Follow the powder to Santa Fe, New Mexico
After a lackluster winter, Northeast skiers and snowboarders may not be surprised to hear that some of the best snow of the season fell in the deserts of New Mexico. “This year we’ve been particularly blessed,” says Kevin St. John, a private instructor who has been skiing in New Mexico for more than 40 years. “We’ve gotten these wonderful little storms, one after another.”
Ski Santa Fe, a ski area 16 miles northeast of the city, has received more than 132 inches of snow this winter. Angel Fire Resort reported 126 inches, and the season isn’t over yet. “We’ll be skiing through the first week of April,” says St. John.
Northern New Mexico’s excellent ski conditions may be an unintentionally well-kept secret. Even though the state is home to the venerable Taos Ski Valley, a recent focus group held by the state tourism department revealed that many Americans were unaware that it even snowed in New Mexico. And it’s not just any snow: The region’s combination of high altitude and dry, desert air creates ideal conditions for the light, fluffy and eminently ski-able snow known as “champagne powder.”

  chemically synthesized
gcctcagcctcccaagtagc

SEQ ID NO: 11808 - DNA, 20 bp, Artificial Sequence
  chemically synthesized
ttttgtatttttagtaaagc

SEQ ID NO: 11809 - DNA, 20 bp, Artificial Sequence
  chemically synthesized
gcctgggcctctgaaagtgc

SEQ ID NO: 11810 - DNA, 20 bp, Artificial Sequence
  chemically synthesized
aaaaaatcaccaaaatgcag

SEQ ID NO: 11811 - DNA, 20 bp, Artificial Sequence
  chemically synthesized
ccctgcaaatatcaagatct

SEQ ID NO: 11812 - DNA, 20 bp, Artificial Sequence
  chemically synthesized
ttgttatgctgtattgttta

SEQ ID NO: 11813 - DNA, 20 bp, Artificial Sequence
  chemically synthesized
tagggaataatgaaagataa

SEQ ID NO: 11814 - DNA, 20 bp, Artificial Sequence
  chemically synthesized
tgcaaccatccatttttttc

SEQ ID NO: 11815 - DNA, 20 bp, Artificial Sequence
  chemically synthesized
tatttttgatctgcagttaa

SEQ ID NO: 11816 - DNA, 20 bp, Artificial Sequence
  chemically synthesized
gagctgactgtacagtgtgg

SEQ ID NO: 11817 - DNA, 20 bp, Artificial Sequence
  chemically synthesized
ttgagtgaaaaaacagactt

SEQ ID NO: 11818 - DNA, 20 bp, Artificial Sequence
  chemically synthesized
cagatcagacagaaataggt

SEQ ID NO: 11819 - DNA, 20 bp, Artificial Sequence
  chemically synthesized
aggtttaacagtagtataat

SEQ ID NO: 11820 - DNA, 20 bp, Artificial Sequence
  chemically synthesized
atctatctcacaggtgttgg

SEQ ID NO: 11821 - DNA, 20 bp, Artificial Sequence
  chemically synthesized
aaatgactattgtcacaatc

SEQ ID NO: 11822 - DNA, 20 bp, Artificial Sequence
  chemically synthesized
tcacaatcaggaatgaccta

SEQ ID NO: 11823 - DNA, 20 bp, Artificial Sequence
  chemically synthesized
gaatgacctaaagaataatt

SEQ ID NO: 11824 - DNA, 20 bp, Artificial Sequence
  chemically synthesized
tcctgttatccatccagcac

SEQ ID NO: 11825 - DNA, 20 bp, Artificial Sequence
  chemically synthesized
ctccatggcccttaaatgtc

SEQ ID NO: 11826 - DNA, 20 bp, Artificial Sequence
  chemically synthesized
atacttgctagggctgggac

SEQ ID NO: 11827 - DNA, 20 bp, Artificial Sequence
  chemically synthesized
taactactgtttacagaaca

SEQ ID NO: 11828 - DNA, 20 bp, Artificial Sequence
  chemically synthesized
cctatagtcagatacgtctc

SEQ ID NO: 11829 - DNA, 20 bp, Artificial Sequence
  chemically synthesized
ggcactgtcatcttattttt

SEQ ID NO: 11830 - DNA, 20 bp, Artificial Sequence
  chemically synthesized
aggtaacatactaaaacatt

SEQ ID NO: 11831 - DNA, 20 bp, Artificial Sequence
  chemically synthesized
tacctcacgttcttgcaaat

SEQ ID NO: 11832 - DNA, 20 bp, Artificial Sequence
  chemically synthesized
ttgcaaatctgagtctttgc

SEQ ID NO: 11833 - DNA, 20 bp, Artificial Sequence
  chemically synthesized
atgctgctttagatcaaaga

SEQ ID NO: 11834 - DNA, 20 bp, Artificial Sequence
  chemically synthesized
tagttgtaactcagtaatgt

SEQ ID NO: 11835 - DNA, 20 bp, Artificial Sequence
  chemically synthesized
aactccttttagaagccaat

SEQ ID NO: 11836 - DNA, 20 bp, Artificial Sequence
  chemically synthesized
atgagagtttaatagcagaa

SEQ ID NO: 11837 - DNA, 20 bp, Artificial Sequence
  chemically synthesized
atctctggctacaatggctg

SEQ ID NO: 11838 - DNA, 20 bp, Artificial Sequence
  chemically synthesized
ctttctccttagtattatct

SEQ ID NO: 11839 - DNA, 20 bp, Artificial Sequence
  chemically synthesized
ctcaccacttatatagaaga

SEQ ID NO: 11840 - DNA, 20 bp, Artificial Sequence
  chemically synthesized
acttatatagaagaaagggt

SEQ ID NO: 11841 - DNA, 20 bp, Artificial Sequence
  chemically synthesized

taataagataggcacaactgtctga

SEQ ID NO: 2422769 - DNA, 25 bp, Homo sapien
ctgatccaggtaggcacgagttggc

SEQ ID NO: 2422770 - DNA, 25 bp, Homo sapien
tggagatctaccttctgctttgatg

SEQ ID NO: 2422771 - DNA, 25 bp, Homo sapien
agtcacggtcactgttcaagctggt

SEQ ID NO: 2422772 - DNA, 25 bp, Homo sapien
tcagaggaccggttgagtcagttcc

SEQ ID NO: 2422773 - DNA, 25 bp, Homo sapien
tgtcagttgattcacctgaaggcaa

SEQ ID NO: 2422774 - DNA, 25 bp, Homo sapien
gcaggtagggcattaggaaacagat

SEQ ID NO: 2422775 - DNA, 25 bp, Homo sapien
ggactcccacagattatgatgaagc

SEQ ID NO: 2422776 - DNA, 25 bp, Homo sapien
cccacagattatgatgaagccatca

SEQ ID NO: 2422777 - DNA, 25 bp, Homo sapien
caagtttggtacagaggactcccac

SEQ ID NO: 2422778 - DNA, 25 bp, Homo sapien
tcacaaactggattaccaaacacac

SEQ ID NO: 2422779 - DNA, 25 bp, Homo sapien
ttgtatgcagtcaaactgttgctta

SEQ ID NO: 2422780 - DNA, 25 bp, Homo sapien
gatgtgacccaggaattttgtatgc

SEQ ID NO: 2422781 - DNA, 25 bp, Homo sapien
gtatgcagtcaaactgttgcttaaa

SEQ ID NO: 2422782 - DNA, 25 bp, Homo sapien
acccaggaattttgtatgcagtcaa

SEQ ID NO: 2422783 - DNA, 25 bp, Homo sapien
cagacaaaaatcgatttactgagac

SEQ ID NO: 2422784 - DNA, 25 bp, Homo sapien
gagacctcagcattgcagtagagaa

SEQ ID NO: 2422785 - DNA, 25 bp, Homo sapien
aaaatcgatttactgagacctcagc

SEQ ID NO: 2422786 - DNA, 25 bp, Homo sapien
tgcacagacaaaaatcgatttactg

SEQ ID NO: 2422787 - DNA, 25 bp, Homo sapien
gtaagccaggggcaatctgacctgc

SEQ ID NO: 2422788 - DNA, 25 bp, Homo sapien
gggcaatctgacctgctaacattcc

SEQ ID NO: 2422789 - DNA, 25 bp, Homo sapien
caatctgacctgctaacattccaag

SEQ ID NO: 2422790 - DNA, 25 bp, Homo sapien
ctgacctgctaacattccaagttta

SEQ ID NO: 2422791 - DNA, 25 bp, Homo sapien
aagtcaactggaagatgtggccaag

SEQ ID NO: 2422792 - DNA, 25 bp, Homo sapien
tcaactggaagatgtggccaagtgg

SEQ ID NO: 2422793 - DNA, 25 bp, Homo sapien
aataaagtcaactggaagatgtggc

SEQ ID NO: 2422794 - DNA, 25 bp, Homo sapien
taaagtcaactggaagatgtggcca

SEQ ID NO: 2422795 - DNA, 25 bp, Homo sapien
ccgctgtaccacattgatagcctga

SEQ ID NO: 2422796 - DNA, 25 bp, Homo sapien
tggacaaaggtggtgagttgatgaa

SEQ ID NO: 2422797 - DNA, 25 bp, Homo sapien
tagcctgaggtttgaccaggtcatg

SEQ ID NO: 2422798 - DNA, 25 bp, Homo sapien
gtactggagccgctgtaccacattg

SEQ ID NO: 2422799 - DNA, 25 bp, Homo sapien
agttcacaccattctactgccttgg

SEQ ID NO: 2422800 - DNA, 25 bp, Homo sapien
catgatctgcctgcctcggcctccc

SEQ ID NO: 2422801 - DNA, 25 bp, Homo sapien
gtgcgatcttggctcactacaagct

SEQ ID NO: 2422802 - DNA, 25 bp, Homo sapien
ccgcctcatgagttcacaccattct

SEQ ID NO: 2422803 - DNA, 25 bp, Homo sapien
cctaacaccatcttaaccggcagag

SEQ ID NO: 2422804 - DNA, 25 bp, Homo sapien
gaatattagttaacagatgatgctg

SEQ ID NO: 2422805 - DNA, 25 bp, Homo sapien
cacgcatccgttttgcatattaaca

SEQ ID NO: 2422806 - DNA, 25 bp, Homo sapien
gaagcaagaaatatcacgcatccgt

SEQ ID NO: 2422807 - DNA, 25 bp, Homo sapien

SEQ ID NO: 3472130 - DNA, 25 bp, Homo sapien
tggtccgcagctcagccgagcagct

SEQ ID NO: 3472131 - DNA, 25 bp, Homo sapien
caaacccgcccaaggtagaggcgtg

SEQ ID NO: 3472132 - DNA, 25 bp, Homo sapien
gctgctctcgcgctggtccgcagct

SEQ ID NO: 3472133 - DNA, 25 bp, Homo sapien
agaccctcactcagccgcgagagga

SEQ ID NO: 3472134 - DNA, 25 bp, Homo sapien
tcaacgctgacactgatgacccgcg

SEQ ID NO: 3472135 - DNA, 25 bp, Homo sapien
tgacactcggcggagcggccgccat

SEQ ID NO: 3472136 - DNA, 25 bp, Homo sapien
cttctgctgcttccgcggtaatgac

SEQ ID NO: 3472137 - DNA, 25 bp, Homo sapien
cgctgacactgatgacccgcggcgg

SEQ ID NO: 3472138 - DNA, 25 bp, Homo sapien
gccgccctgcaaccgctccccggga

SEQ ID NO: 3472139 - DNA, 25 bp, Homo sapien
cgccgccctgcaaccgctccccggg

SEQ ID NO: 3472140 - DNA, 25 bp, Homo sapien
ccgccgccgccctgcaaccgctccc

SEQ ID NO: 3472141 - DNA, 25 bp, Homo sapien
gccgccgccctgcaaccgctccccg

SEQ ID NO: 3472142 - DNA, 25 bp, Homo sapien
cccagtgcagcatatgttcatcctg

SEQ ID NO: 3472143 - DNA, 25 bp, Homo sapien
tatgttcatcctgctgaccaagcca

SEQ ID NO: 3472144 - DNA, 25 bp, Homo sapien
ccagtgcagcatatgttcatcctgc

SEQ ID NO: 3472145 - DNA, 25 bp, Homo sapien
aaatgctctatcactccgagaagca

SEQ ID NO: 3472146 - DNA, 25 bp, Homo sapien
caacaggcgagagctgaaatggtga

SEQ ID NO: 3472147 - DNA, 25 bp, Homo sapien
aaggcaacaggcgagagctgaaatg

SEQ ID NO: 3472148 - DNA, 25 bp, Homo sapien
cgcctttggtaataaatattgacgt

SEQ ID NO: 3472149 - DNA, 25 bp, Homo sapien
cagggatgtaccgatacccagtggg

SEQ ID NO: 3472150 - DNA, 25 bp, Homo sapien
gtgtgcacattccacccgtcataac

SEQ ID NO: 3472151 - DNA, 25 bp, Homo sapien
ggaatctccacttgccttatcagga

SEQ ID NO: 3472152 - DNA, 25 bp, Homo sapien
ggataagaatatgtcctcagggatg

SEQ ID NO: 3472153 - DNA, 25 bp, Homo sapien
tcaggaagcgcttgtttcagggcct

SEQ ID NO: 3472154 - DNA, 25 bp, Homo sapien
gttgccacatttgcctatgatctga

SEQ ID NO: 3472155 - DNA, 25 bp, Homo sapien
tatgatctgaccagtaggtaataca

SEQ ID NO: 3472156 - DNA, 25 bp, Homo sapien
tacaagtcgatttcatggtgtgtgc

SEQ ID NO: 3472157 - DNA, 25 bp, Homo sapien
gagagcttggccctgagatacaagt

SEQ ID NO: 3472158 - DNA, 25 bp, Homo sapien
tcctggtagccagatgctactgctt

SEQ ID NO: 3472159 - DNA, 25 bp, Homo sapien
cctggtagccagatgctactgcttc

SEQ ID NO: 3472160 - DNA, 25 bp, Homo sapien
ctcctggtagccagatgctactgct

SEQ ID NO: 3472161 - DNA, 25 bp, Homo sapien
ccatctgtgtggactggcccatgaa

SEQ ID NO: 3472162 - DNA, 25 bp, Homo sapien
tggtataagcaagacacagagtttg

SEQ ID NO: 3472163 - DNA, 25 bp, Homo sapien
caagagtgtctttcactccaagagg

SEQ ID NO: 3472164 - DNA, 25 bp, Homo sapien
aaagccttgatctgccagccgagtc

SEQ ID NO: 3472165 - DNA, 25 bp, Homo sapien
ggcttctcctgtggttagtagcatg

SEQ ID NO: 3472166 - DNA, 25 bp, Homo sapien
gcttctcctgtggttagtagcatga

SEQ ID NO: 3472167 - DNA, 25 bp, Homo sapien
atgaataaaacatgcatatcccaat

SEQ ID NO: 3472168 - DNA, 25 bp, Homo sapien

St. John describes New Mexico’s snow as “user-friendly.” The snow back east, he says, is wetter, more dense and turns into ice very quickly. “Western snow is dryer and lighter, and so much easier to ski.”
New Mexico’s snowstorms don’t linger. After depositing fresh snow on the trails, the clouds clear quickly, giving way to the warm sun that the state is known for, even in the winter. “There’s lots of sunshine to ski in, along with the powder,” says St. John. “That combination is just extraordinary.”
Red River Ski Area
This is “a funky little ski hill in the middle of a funky little town,” per local institution Wally Dobbs. Don’t skip the sunset snowmobile ride.
Angel Fire Resort
A casual, family-friendly resort that includes a Nordic Center for cross-country skiing and snowshoeing.